Aloha Airlines ends six decades as "the people's airline" today with the abrupt shutdown of its passenger service and the firing of 1,900 workers.
The state's No. 2 airline succumbed to a fierce, two-year interisland fare war and a rapid rise in jet fuel prices.
The shutdown, which left passengers holding potentially worthless tickets, will likely lead to fare hikes by the state's surviving two carriers, Hawaiian and go! airlines.
Aloha pulled the plug just 11 days after the airline filed for bankruptcy protection and as lawmakers rushed to assemble a bail-out package.
Tearful employees said they were shocked yesterday morning when they got the memo from Aloha CEO David Banmiller, saying they would no longer operate the airline's 700 weekly interisland flights and 120 flights to the West Coast.
"This is an incredibly dark day for Hawaii," Banmiller said in a news release. "We simply ran out of time to find a qualified buyer or secure continued financing for our passenger service. We had no choice but to take this action."
Tourism officials said the loss of Aloha will cause confusion and inconvenience for many visitors in the short term but shouldn't have lasting impact on the state's No. 1 industry.
For interisland travelers, Aloha's departure means the loss of an estimated 88,000 seats per week. Hawaiian and go! said they will add enough capacity to make up 56,000 of those seats, but also hinted that prices might rise as early as next week.
Hawaiian and go! said they plan to keep interisland fares at $49 at least until April 7.
Fares will likely rise, especially if oil prices remain at near-record levels of about $100 a barrel, said local aviation industry historian Peter Forman.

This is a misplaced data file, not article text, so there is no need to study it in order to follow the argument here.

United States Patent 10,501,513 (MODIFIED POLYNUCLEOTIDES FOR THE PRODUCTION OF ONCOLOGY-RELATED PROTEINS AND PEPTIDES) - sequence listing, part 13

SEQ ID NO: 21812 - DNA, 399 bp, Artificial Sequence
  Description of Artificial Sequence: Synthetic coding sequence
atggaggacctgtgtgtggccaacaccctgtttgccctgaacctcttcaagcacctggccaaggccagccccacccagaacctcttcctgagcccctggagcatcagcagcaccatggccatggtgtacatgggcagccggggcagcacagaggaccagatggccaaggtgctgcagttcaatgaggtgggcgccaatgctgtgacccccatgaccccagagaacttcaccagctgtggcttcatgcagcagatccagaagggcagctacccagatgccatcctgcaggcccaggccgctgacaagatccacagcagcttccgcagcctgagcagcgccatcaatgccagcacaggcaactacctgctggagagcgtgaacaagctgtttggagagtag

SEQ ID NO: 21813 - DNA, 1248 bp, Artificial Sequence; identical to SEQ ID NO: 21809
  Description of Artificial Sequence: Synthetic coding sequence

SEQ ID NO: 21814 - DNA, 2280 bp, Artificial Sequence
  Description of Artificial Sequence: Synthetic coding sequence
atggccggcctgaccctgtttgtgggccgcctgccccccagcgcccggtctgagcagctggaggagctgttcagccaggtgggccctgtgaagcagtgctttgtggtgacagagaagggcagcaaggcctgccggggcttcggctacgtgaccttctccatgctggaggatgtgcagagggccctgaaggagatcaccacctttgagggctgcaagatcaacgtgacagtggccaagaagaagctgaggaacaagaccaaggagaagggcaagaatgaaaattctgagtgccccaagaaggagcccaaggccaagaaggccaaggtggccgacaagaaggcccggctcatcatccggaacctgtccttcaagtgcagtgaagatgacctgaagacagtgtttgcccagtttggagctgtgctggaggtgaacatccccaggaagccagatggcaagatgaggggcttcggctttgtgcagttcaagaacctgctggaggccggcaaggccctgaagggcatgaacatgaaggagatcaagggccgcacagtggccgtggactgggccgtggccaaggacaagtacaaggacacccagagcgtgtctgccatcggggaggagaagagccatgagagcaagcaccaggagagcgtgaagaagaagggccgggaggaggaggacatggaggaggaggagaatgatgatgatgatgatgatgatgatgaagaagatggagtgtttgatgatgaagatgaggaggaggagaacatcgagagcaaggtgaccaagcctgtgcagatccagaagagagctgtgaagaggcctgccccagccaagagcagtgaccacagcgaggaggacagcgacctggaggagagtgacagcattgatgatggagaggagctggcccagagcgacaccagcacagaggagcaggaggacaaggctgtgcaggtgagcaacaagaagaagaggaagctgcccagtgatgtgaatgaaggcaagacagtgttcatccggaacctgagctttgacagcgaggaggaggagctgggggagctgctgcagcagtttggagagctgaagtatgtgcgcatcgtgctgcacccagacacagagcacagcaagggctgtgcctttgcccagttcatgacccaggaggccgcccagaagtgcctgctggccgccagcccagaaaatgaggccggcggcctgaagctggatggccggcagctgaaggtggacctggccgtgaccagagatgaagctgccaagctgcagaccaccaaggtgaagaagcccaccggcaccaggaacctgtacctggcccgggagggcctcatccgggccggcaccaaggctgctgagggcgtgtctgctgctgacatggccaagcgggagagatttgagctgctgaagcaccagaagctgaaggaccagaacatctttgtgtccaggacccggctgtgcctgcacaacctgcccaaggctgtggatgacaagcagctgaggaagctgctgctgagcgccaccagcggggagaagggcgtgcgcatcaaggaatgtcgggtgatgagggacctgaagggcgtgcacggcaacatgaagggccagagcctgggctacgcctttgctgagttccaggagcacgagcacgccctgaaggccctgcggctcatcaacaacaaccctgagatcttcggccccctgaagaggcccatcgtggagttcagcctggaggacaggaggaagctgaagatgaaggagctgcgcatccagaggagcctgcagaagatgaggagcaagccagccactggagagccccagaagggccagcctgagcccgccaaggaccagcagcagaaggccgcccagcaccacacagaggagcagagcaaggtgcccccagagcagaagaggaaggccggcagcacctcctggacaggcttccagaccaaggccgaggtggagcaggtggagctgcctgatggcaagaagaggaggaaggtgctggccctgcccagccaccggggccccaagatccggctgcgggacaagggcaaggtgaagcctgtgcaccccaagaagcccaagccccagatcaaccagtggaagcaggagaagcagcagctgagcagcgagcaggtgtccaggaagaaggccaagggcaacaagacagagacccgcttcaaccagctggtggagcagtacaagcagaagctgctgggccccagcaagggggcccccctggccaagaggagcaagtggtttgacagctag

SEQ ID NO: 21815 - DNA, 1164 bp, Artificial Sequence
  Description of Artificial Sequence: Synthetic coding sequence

Forman, author of the 2005 book "Wings of Paradise: Hawaii's Incomparable Airlines," predicted that go! and Hawaiian will increase their base fares from $49 to at least $75 by the end of the year.
"The day of reckoning is coming soon for those of us who have enjoyed the fare war for the past year and a half," Forman said.
Aloha filed for bankruptcy protection March 20 — the second time since late 2004 — after it lost more than $120 million during the past two years.
The company blamed "unfair competition" by go! airlines, whose June 2006 entry into the interisland market kicked off a price war in which the cost of travel to the Neighbor Islands dropped by about half to $39.
Aloha said go! and its Phoenix-based parent, the Mesa Air Group, sold tickets below cost to drive out competition.
Jonathan Ornstein, Mesa's CEO, declined comment on Aloha's charges yesterday.
But in previous comments, Ornstein said Mesa didn't plan to drive Aloha out of business. Ornstein said his company attempted to invest $20 million in Aloha when it was trying to emerge from its earlier bankruptcy.
go! was quick to increase its flights following news of Aloha's closure.
"In response to demand, we have significantly increased the number of flights in all markets providing high frequency service throughout the business day," Ornstein said in a news release.
Hawaiian, the state's largest airline, said it will increase its daily passenger seat count on interisland flights by 42%, or 6,000 seats per day.
Hawaiian and go! said they will honor Aloha tickets that were purchased for travel from Tuesday through Thursday on stand-by basis.